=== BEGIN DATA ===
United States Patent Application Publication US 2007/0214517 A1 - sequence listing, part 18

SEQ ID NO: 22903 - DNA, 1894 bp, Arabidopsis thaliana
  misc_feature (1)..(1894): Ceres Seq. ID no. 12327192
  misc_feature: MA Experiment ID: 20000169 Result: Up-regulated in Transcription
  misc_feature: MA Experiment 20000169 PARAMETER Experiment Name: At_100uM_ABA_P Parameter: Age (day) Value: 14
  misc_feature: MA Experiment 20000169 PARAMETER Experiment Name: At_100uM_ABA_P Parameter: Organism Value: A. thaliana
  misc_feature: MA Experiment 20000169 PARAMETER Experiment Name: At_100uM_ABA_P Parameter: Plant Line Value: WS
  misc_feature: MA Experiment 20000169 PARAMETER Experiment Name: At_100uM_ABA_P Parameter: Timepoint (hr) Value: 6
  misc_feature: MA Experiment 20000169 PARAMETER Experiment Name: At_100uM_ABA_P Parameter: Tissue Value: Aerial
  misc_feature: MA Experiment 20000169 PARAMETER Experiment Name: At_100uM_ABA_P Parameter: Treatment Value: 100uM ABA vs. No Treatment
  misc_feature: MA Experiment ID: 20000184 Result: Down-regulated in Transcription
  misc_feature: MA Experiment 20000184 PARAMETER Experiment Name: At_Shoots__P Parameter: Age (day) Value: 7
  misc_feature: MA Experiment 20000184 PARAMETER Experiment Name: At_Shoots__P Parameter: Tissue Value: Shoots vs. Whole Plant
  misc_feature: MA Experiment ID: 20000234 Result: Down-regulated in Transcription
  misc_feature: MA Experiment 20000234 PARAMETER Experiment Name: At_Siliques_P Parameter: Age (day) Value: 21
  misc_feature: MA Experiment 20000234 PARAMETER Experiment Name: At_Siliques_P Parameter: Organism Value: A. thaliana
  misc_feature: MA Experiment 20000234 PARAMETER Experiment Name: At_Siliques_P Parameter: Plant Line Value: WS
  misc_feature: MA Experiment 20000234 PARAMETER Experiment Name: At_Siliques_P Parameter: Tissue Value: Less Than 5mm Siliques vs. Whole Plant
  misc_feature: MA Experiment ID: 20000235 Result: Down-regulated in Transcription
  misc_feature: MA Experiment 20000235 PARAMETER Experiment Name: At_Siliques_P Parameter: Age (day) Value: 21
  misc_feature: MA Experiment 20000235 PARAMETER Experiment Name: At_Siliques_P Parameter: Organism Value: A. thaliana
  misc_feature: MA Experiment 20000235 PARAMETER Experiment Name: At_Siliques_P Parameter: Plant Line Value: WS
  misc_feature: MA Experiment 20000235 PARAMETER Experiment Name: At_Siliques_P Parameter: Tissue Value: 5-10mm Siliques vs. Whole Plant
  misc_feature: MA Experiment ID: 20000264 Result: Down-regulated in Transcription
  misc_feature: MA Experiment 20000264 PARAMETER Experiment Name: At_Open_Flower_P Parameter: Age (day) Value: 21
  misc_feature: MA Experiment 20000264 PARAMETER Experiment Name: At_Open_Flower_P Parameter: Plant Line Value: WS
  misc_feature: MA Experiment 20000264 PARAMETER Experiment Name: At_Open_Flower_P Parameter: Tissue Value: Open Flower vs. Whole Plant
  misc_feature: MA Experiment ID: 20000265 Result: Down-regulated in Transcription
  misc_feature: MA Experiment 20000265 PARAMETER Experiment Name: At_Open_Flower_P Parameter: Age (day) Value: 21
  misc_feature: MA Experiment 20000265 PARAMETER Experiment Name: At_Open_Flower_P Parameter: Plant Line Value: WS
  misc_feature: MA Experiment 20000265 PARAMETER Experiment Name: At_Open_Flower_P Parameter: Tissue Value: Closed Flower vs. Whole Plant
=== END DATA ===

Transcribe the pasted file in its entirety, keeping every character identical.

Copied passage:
United States Patent Application Publication US 2007/0214517 A1 - sequence listing, part 18

SEQ ID NO: 22903 - DNA, 1894 bp, Arabidopsis thaliana
  misc_feature (1)..(1894): Ceres Seq. ID no. 12327192
  misc_feature: MA Experiment ID: 20000169 Result: Up-regulated in Transcription
  misc_feature: MA Experiment 20000169 PARAMETER Experiment Name: At_100uM_ABA_P Parameter: Age (day) Value: 14
  misc_feature: MA Experiment 20000169 PARAMETER Experiment Name: At_100uM_ABA_P Parameter: Organism Value: A. thaliana
  misc_feature: MA Experiment 20000169 PARAMETER Experiment Name: At_100uM_ABA_P Parameter: Plant Line Value: WS
  misc_feature: MA Experiment 20000169 PARAMETER Experiment Name: At_100uM_ABA_P Parameter: Timepoint (hr) Value: 6
  misc_feature: MA Experiment 20000169 PARAMETER Experiment Name: At_100uM_ABA_P Parameter: Tissue Value: Aerial
  misc_feature: MA Experiment 20000169 PARAMETER Experiment Name: At_100uM_ABA_P Parameter: Treatment Value: 100uM ABA vs. No Treatment
  misc_feature: MA Experiment ID: 20000184 Result: Down-regulated in Transcription
  misc_feature: MA Experiment 20000184 PARAMETER Experiment Name: At_Shoots__P Parameter: Age (day) Value: 7
  misc_feature: MA Experiment 20000184 PARAMETER Experiment Name: At_Shoots__P Parameter: Tissue Value: Shoots vs. Whole Plant
  misc_feature: MA Experiment ID: 20000234 Result: Down-regulated in Transcription
  misc_feature: MA Experiment 20000234 PARAMETER Experiment Name: At_Siliques_P Parameter: Age (day) Value: 21
  misc_feature: MA Experiment 20000234 PARAMETER Experiment Name: At_Siliques_P Parameter: Organism Value: A. thaliana
  misc_feature: MA Experiment 20000234 PARAMETER Experiment Name: At_Siliques_P Parameter: Plant Line Value: WS
  misc_feature: MA Experiment 20000234 PARAMETER Experiment Name: At_Siliques_P Parameter: Tissue Value: Less Than 5mm Siliques vs. Whole Plant
  misc_feature: MA Experiment ID: 20000235 Result: Down-regulated in Transcription
  misc_feature: MA Experiment 20000235 PARAMETER Experiment Name: At_Siliques_P Parameter: Age (day) Value: 21
  misc_feature: MA Experiment 20000235 PARAMETER Experiment Name: At_Siliques_P Parameter: Organism Value: A. thaliana
  misc_feature: MA Experiment 20000235 PARAMETER Experiment Name: At_Siliques_P Parameter: Plant Line Value: WS
  misc_feature: MA Experiment 20000235 PARAMETER Experiment Name: At_Siliques_P Parameter: Tissue Value: 5-10mm Siliques vs. Whole Plant
  misc_feature: MA Experiment ID: 20000264 Result: Down-regulated in Transcription
  misc_feature: MA Experiment 20000264 PARAMETER Experiment Name: At_Open_Flower_P Parameter: Age (day) Value: 21
  misc_feature: MA Experiment 20000264 PARAMETER Experiment Name: At_Open_Flower_P Parameter: Plant Line Value: WS
  misc_feature: MA Experiment 20000264 PARAMETER Experiment Name: At_Open_Flower_P Parameter: Tissue Value: Open Flower vs. Whole Plant
  misc_feature: MA Experiment ID: 20000265 Result: Down-regulated in Transcription
  misc_feature: MA Experiment 20000265 PARAMETER Experiment Name: At_Open_Flower_P Parameter: Age (day) Value: 21
  misc_feature: MA Experiment 20000265 PARAMETER Experiment Name: At_Open_Flower_P Parameter: Plant Line Value: WS
  misc_feature: MA Experiment 20000265 PARAMETER Experiment Name: At_Open_Flower_P Parameter: Tissue Value: Closed Flower vs. Whole Plant